Ocean Fertilization Probably Won’t Help Global Warming
Scientists plumbing the depths of the central equatorial Pacific Ocean have found ancient sediments suggesting that one proposed way to mitigate climate warming—fertilizing the oceans with iron to produce more carbon-eating algae—may not necessarily work as envisioned.
Plants need trace amounts of iron to perform photosynthesis, but certain parts of the oceans lack it, and thus algae are scarce. Recent shipboard experiments have shown that when researchers dump iron particles into such areas, it can boost growth. The algae draw the greenhouse gas carbon dioxide from the air to help build their bodies, so fertilization on a large scale could, theoretically, reduce atmospheric CO2. Seafloor sediments show that during past ice ages, more iron-rich dust blew from chilly, barren landmasses into the oceans, apparently producing more algae in these areas and, presumably, a natural cooling effect. Some scientists believe that iron fertilization and a corresponding drop in CO2 is one reason why ice ages become icy and remain so.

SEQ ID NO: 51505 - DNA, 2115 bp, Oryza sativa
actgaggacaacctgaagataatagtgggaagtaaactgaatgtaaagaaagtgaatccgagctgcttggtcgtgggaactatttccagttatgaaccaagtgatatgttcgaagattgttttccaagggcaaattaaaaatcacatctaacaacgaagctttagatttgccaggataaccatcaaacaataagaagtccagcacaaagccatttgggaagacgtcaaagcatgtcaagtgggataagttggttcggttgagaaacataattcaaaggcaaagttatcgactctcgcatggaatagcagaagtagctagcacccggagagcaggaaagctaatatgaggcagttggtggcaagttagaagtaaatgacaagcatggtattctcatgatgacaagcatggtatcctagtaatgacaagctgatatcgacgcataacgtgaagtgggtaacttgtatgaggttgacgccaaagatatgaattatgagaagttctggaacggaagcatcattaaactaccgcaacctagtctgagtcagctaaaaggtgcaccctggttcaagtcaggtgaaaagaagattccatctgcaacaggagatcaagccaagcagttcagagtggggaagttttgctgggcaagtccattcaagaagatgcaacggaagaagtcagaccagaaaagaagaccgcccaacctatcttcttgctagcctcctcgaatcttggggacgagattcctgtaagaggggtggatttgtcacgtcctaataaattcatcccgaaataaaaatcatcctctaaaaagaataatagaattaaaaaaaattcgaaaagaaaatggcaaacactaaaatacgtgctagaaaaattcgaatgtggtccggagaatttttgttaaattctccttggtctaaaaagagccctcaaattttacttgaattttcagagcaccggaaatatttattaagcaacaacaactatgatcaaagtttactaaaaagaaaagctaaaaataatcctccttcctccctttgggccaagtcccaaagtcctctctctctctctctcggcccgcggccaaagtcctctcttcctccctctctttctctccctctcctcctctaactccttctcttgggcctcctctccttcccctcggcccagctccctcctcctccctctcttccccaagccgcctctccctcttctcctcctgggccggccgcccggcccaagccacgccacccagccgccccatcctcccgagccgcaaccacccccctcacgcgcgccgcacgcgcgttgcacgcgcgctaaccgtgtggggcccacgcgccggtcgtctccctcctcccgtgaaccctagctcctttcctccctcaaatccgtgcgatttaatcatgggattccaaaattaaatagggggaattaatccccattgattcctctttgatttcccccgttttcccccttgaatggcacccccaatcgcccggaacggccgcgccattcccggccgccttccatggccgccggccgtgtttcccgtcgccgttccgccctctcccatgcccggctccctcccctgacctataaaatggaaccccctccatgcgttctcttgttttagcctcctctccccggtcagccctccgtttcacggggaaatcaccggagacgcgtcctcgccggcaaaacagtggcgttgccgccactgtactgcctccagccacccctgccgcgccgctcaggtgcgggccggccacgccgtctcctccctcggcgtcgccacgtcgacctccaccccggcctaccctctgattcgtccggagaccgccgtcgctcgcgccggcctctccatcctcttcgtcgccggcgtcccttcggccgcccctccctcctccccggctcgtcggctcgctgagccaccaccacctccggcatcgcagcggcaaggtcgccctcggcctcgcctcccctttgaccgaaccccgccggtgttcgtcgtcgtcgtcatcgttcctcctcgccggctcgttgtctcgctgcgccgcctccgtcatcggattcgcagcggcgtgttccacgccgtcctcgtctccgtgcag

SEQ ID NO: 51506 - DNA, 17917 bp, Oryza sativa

But the researchers in the new study say that increased algae growth in one area can inhibit growth elsewhere. This is because ocean waters are always on the move, and algae also need other nutrients, such as nitrates and phosphates. Given heavy doses of iron, algae in one region may suck up all those other nutrients; by the time the water circulates elsewhere, it has little more to offer, and adding iron doesn’t do anything. The study appears today in the leading journal Nature.
“There’s only a limited amount of total nutrients in the oceans. So if there’s greater use in one area, it seems you’d have lesser concentrations in other areas,”said lead author Kassandra Costa, a doctoral student at Columbia University’s Lamont-Doherty Earth Observatory who led the analysis. “The basic message is, if you add to one place, you may subtract from another.”
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